In State v. Ferguson, the WA Court of Appeals held that imposing COVID-19 protocols are “trial management decisions.” The use of masks, a transparent partition between counsel and client, and some jurors being seated behind counsel table during trial to allow for social distancing did not violate the defendant’s rights at trial.
On April 16, 2019, a man and his son went for a walk. When they returned home, they noticed a man inside the garage. They recognized the man as Mr. Ferguson. An altercation occurred. Afterward, Ferguson fled the scene by running through a nearby field to a neighbor’s home. The police responded and ultimately found Ferguson at the neighbor’s house. Ferguson was arrested.
Ferguson was initially charged with first degree burglary. His charges were later amended to also include felony harassment, third degree malicious mischief, second degree criminal trespass of the neighbor’s house, bail jumping, and witness tampering.
TRIAL COURT’S COVID-19 PROTOCOLS
Following delay and multiple continuances partly due to the COVID-19 pandemic, Ferguson’s case proceeded to trial. Ferguson’s jury trial was the first to take place in the county since the beginning of the COVID-19 pandemic. Accordingly, the trial court implemented a variety of COVID-19 protocols for the trial.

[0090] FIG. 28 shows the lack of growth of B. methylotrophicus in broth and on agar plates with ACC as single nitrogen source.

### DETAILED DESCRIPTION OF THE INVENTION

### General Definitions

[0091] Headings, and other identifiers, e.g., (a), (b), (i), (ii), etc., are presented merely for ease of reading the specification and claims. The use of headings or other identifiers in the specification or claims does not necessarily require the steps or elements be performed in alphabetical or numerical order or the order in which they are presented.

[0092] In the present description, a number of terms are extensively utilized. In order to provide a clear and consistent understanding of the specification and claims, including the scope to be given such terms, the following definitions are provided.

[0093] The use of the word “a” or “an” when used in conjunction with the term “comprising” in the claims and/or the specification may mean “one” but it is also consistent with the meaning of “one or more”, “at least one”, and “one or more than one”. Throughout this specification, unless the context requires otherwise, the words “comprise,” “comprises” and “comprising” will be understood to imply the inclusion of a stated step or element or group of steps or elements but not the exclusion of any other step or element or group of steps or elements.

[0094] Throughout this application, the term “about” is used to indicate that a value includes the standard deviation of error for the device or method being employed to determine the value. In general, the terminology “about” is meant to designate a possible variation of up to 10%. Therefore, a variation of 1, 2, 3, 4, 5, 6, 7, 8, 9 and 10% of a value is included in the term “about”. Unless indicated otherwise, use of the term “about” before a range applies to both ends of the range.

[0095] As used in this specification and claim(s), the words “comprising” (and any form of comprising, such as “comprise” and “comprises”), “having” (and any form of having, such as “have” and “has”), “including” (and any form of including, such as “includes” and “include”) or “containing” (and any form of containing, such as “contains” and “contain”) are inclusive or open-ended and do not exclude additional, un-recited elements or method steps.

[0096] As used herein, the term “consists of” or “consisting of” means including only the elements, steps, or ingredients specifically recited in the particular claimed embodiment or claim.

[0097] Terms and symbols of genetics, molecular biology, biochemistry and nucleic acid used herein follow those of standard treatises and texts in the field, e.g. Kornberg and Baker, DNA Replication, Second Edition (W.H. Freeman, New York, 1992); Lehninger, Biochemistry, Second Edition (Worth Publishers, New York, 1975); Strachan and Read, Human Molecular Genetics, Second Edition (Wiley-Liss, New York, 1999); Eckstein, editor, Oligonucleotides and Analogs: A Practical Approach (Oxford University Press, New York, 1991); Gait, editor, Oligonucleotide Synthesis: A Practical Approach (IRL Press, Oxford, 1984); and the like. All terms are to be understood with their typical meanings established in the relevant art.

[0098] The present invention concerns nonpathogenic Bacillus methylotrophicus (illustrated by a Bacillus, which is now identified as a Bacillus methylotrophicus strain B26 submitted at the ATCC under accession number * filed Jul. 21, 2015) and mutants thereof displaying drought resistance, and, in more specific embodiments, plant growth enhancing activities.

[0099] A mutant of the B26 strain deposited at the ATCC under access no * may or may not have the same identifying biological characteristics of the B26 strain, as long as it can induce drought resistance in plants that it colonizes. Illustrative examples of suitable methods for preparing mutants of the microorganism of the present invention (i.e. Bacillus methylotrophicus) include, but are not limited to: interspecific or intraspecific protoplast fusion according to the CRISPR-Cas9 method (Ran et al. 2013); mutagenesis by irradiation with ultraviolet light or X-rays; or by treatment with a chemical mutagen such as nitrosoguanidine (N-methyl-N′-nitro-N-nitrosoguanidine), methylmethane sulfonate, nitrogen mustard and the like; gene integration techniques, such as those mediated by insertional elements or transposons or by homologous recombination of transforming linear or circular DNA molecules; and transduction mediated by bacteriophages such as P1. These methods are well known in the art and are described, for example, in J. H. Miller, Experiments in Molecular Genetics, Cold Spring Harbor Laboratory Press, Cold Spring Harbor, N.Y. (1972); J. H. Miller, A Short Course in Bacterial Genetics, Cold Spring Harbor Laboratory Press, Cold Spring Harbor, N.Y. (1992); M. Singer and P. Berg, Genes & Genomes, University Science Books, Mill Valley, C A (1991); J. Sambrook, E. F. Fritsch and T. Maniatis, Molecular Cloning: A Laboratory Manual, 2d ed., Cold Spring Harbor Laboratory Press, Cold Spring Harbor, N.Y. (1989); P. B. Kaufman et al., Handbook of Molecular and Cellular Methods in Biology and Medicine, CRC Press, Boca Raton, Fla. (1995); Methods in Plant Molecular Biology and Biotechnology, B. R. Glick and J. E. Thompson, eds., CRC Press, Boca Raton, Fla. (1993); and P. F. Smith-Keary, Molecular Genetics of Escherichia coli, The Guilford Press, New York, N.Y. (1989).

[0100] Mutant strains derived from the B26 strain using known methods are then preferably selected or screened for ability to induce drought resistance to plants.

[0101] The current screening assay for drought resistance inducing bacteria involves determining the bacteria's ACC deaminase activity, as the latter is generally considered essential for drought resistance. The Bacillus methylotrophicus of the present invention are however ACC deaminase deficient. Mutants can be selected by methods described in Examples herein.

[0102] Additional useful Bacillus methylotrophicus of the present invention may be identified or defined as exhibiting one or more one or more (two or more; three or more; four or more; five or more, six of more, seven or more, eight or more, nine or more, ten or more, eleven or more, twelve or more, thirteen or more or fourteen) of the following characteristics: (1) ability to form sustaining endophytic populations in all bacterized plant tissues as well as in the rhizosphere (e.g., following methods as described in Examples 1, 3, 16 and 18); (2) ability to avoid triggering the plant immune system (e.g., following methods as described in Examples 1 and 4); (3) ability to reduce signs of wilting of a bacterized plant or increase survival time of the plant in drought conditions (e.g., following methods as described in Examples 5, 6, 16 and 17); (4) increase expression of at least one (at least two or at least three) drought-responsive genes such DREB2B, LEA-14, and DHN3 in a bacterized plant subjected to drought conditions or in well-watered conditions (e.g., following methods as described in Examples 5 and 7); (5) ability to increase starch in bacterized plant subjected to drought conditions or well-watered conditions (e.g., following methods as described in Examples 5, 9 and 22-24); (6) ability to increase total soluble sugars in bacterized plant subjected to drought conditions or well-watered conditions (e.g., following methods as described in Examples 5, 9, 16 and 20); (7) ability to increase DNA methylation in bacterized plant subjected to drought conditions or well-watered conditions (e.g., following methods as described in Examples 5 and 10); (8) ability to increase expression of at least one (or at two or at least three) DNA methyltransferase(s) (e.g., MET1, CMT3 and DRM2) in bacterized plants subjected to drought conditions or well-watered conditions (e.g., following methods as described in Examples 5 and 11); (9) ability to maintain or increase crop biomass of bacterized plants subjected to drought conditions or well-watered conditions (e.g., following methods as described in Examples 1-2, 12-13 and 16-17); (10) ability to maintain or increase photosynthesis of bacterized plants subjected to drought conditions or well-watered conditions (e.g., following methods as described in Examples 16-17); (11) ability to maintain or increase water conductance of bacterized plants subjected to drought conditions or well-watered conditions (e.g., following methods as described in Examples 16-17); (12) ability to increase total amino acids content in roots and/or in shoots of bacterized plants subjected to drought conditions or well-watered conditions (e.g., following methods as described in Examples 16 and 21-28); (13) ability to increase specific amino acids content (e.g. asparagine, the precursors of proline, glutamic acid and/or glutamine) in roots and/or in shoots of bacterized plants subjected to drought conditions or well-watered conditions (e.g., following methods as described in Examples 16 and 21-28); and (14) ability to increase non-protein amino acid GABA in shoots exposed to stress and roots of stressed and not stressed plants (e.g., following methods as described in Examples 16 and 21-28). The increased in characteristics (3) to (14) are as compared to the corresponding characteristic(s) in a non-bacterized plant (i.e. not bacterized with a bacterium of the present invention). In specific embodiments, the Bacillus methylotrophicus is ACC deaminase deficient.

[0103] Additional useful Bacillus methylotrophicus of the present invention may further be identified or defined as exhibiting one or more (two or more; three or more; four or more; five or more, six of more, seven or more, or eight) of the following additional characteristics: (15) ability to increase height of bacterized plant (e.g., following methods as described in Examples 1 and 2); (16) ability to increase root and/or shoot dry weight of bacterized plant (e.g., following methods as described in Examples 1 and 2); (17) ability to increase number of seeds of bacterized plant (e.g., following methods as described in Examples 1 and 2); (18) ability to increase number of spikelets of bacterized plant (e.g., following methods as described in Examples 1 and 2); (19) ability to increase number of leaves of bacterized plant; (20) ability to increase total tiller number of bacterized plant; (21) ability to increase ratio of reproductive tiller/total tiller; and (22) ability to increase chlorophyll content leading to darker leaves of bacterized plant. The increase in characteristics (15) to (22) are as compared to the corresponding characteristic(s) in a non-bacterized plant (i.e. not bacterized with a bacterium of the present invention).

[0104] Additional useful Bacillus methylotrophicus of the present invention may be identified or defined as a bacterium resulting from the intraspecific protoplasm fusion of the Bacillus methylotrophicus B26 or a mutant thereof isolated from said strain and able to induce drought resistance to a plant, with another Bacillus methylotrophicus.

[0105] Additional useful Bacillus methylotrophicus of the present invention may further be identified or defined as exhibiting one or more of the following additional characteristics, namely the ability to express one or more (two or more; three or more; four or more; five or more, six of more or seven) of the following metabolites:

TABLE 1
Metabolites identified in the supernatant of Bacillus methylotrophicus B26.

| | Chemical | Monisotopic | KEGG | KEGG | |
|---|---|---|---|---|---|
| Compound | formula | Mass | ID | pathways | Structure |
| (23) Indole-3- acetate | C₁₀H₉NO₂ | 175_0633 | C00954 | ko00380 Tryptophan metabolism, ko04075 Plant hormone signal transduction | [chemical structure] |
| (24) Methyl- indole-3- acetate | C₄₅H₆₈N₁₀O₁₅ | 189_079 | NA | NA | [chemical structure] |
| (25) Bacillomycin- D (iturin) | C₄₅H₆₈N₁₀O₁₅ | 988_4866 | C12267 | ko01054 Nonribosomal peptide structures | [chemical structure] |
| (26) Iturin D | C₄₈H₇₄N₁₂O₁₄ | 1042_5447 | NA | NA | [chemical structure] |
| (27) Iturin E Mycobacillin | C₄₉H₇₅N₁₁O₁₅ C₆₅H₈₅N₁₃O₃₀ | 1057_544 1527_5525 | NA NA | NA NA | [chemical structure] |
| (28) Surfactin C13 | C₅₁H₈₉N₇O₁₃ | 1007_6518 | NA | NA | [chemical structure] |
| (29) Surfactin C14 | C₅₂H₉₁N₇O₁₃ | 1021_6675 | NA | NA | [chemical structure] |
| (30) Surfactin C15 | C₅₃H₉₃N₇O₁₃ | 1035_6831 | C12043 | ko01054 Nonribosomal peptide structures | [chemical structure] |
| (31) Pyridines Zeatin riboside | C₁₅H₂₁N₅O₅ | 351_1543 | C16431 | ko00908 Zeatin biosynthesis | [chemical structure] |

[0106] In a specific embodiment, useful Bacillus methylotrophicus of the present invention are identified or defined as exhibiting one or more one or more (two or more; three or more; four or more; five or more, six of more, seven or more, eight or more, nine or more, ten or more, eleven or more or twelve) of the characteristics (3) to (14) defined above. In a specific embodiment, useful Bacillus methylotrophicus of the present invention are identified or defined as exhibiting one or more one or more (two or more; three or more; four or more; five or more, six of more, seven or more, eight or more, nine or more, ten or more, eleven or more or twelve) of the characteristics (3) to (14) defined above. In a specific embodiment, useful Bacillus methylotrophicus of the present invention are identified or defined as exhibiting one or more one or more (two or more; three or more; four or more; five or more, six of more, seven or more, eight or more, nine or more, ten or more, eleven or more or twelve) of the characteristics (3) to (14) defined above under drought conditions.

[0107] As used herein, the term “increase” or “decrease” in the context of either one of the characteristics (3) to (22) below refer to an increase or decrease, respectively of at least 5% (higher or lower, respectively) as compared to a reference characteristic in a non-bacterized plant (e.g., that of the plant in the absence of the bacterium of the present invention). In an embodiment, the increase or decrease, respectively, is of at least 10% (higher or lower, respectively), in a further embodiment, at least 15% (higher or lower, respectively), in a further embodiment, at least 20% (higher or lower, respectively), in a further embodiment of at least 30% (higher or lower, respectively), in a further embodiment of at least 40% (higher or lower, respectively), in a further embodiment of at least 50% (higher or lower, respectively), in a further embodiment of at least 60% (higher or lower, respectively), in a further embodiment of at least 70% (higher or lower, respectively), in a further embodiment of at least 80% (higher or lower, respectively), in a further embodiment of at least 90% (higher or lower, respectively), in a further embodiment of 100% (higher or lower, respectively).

Some members of the jury were seated behind the counsel tables in the courtroom gallery. This was done in order to socially distance the jurors and the participants. And everyone in the court room was instructed to wear face masks. The trial court also instructed the jurors to raise their hands if they could not hear something during the trial.
Plexiglass partitions were also placed between participants, including between Ferguson and his counsel at their table. Throughout the trial, Ferguson and his counsel would lean or move back behind the partition to speak to each other and would pass notes to each other.